Christian artistry doesn’t compare to the real stuff.
I’m sure you’ve heard that before. Over and over and over. You’ve probably even thought it. Why? Because, for the most part, it’s sad but true. Christian films can’t stand up next to MARVEL, Christian music is often shallow, and Christian fiction is more suited to the pulpit than the pages between a front and back cover.
Why is Christian media second rate? There are lots of reasons. In a nutshell, measuring up to mainstream media is difficult. Only exceptional people write bestsellers, box office smashes, and chart-topping lyrics. You must compete with the best. It’s a steep mountain to climb. Do you even stand a chance?
You, as a Christian, are duly prepared and equipped. The truth of the gospel gives you tools that secular writers don’t have. Three in particular will aid you as you embark on your writing journey.
We Were Created to Create
God Almighty created man in His image. We are created to be like God. Servants to Him, yes. Worshipers and glory-givers, certainly. But in His image. What was He doing at the very moment He declared us to be in His image?
He was creating.
We should take our cues from that. God creates. We are in His image. Now we create. You are a writer. I am a writer. Writing is one of our methods of creating. The story worlds we build, the characters we develop, and the plots we weave are all echoes of God’s initial creation. Every time we sit down to write, we’re perpetuating the reverberations.
How does this help you? First, it provides purpose. Every time you pick up your pen, whether you feel inspired or not, you are doing something you were created to do. That is powerful. Don’t feel like writing today? Too bad, you’re made in His image. Don’t think you can outline? Made in His image. Are you bad at dialogue? Made in His image. Can’t edit? Made in His image. Whatever discouragement is telling you, you know the truth.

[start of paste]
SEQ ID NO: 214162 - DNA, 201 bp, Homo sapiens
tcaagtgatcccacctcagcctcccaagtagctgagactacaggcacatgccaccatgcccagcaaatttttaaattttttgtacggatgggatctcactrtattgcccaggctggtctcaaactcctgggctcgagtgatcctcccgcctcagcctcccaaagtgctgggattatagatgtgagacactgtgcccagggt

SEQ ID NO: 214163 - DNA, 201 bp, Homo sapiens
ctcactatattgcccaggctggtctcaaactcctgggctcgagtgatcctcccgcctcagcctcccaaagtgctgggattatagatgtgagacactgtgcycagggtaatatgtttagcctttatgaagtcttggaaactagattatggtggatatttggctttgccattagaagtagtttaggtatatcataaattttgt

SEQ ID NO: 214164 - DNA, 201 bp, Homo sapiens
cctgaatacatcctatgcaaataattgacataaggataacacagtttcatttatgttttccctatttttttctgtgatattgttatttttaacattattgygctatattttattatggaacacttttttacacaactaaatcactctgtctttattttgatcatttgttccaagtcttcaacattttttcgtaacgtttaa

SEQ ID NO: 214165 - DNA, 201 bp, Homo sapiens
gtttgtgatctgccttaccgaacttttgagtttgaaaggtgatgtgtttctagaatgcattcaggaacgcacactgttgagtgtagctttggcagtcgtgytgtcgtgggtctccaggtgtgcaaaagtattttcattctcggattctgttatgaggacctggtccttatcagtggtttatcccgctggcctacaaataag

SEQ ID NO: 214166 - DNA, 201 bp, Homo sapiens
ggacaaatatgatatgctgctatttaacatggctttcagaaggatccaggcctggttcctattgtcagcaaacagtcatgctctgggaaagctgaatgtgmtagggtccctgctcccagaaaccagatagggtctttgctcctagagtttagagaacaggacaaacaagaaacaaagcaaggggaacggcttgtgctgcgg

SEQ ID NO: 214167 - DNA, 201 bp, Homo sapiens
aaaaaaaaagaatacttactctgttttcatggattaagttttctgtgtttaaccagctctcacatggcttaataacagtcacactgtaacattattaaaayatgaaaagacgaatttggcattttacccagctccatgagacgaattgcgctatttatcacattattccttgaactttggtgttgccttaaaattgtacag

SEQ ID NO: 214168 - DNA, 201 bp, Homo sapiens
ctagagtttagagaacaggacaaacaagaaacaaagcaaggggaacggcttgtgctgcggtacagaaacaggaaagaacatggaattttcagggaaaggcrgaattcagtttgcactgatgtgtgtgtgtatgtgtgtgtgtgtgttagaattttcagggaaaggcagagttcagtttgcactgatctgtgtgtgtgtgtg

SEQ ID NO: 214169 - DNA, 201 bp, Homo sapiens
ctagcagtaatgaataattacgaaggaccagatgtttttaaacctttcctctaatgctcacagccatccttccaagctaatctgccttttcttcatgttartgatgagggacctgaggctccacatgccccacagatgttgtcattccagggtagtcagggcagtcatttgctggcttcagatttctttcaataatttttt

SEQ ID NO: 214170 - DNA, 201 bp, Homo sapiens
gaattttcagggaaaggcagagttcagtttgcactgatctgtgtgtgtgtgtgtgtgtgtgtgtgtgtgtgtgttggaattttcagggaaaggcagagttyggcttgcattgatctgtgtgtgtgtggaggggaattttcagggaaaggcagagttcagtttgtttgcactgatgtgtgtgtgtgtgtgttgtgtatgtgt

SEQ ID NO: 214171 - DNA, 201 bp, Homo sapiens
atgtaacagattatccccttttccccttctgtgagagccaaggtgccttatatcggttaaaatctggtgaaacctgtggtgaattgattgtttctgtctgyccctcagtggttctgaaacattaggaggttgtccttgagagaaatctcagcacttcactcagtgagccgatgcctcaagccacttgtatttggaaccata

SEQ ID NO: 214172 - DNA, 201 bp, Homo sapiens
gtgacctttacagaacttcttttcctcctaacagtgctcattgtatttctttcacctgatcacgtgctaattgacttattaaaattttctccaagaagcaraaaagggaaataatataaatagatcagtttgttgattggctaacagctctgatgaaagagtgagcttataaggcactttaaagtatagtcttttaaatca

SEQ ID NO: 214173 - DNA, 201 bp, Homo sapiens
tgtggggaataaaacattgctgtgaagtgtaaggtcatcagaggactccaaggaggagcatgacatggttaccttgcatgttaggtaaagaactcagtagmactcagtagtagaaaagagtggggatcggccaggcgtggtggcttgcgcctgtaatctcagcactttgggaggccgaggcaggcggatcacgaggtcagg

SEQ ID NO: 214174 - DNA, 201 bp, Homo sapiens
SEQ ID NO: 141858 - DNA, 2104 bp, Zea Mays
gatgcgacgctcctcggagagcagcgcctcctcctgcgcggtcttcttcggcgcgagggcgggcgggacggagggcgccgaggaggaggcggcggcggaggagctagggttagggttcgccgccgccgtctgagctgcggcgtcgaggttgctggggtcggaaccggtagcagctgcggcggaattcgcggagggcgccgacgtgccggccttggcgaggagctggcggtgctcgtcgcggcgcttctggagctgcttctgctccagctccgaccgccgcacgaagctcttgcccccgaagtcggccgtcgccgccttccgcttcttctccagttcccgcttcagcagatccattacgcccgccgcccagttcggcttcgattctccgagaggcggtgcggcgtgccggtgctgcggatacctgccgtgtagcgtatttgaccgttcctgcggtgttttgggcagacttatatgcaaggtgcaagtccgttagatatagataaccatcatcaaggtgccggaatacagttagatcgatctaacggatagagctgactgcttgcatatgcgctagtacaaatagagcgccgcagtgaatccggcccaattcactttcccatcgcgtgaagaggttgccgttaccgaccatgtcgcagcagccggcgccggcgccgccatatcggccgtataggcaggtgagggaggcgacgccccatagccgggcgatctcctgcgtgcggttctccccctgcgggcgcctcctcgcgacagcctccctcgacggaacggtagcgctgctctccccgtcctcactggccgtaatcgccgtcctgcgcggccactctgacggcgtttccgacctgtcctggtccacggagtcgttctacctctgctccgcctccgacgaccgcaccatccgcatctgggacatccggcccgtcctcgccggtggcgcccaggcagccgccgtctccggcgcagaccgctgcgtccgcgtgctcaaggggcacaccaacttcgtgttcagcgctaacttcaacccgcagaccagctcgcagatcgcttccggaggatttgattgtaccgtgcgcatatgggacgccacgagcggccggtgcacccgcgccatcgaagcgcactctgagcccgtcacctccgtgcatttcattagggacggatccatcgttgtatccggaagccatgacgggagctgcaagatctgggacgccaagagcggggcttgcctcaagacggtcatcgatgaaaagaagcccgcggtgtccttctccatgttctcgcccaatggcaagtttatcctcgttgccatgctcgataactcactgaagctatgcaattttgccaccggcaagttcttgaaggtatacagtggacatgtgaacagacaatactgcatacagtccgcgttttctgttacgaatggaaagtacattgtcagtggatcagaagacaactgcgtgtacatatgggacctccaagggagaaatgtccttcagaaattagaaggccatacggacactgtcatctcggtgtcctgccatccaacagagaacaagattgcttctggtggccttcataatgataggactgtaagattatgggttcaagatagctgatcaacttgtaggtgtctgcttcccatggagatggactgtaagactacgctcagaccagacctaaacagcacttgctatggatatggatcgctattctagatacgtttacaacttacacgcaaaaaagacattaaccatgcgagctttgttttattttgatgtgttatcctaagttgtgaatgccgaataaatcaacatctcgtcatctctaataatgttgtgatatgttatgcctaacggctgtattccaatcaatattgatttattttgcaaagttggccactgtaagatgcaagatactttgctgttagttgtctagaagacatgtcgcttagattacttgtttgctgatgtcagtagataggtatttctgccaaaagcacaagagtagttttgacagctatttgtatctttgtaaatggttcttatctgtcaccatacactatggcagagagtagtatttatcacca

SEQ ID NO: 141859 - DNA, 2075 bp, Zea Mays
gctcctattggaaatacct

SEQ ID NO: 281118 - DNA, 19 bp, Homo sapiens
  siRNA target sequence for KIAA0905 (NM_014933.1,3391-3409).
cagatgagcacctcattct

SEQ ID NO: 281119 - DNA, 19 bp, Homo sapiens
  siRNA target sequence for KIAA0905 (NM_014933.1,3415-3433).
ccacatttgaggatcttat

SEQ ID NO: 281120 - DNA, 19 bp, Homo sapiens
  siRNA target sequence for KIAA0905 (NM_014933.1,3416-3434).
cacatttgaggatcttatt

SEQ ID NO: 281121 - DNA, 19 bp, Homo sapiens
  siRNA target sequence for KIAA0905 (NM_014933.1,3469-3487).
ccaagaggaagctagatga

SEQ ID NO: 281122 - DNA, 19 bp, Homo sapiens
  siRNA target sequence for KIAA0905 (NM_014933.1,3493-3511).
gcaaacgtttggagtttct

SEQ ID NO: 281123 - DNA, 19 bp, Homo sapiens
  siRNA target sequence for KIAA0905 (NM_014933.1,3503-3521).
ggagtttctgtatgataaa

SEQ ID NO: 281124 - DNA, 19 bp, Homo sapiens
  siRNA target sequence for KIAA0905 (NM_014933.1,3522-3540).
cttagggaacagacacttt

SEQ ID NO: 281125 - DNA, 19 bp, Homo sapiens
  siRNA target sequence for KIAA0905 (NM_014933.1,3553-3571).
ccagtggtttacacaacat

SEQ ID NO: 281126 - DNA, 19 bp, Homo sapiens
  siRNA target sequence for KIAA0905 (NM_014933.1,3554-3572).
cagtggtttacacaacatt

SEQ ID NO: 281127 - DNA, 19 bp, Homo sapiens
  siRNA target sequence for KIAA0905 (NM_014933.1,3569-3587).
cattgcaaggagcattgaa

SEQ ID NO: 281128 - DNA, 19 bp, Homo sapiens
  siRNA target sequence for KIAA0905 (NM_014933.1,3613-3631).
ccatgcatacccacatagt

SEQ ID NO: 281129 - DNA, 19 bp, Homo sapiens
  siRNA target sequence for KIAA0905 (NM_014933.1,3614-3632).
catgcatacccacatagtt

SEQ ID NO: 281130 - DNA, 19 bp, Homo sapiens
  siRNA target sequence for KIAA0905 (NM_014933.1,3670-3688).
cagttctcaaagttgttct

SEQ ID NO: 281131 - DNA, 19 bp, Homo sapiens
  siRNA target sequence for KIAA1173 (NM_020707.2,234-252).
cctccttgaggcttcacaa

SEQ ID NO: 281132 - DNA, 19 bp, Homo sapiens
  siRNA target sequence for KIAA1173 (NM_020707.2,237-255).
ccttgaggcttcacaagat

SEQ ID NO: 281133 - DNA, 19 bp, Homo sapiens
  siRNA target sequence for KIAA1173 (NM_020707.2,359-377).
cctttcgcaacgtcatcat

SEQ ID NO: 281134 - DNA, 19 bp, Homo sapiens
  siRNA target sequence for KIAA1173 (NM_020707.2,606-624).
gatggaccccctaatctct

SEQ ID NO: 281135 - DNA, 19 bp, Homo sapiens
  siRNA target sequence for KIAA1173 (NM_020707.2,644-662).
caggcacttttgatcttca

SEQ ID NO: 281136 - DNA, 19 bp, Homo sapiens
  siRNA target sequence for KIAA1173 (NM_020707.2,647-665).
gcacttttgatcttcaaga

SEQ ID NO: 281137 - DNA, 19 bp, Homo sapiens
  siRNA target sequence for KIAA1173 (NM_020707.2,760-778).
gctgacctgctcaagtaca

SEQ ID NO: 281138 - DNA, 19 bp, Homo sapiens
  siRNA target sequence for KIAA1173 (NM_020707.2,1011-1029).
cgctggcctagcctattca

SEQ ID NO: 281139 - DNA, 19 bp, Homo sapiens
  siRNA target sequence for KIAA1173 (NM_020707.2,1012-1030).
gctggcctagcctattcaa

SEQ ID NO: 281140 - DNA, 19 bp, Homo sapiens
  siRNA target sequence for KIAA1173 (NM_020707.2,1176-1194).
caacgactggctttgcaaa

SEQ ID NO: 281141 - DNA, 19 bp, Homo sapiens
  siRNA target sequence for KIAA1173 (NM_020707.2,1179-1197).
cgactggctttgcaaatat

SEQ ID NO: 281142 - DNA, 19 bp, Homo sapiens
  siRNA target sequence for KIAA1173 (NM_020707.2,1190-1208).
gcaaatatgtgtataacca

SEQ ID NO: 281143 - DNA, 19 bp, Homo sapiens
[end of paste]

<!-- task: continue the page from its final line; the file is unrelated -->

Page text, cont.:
Second (and more important than anything else on this list), if you’re pursuing what God created and called you to do, you’re not alone. Yeah, you’ve probably heard that before. But hear it again. Dwell on it. God is with you every day. He makes the sun set and rise so you can sleep and get up again. He’s the strain of consistency between days, weeks, and months. The world doesn’t spin into total chaos during the long process of writing a novel, because God is holding it (and you) in the palm of His hand. God is there to help you write. Today. In November. And in seven years. He’s the ally you will never lose. When you’re not strong enough to create, He is. When you’re not awake enough, He is. When you’re not creative enough, He is. Pray for stamina, guidance, ideas, and plot bunnies (God’s got the good ones).
We Believe in Good and Evil
From epic fantasies to contemporary YA, all stories are centered on conflict. In the modern age of relativism, that fact seems ironic. Nowadays we’re taught that right and wrong are based solely on personal experience. However, try to write a story with that as your moral compass. Real conflict can’t happen in a relative world. No villain. No climax. No inciting incident. Not even a hero.
At the heart of every story ever written by an atheist is a blatant contradiction. Sometimes it’s subtle and unnoticeable. Sometimes it’s so blatant you want to scream.
Case in point: Jason Bourne. The movies are popular and entertaining. They are classics.
But have the Bourne movies ever changed anyone’s life? Probably not. Why? To even exist, Jason Bourne requires a wishy-washy, relativistic worldview. Wishy-washy worldviews don’t provide direction. Jason murders people in the first movie to avoid trouble. Three movies later, he’s still murdering people to get what he wants (needs?).
I submit to you that Jason Bourne is not a hero, and his story is not a great one.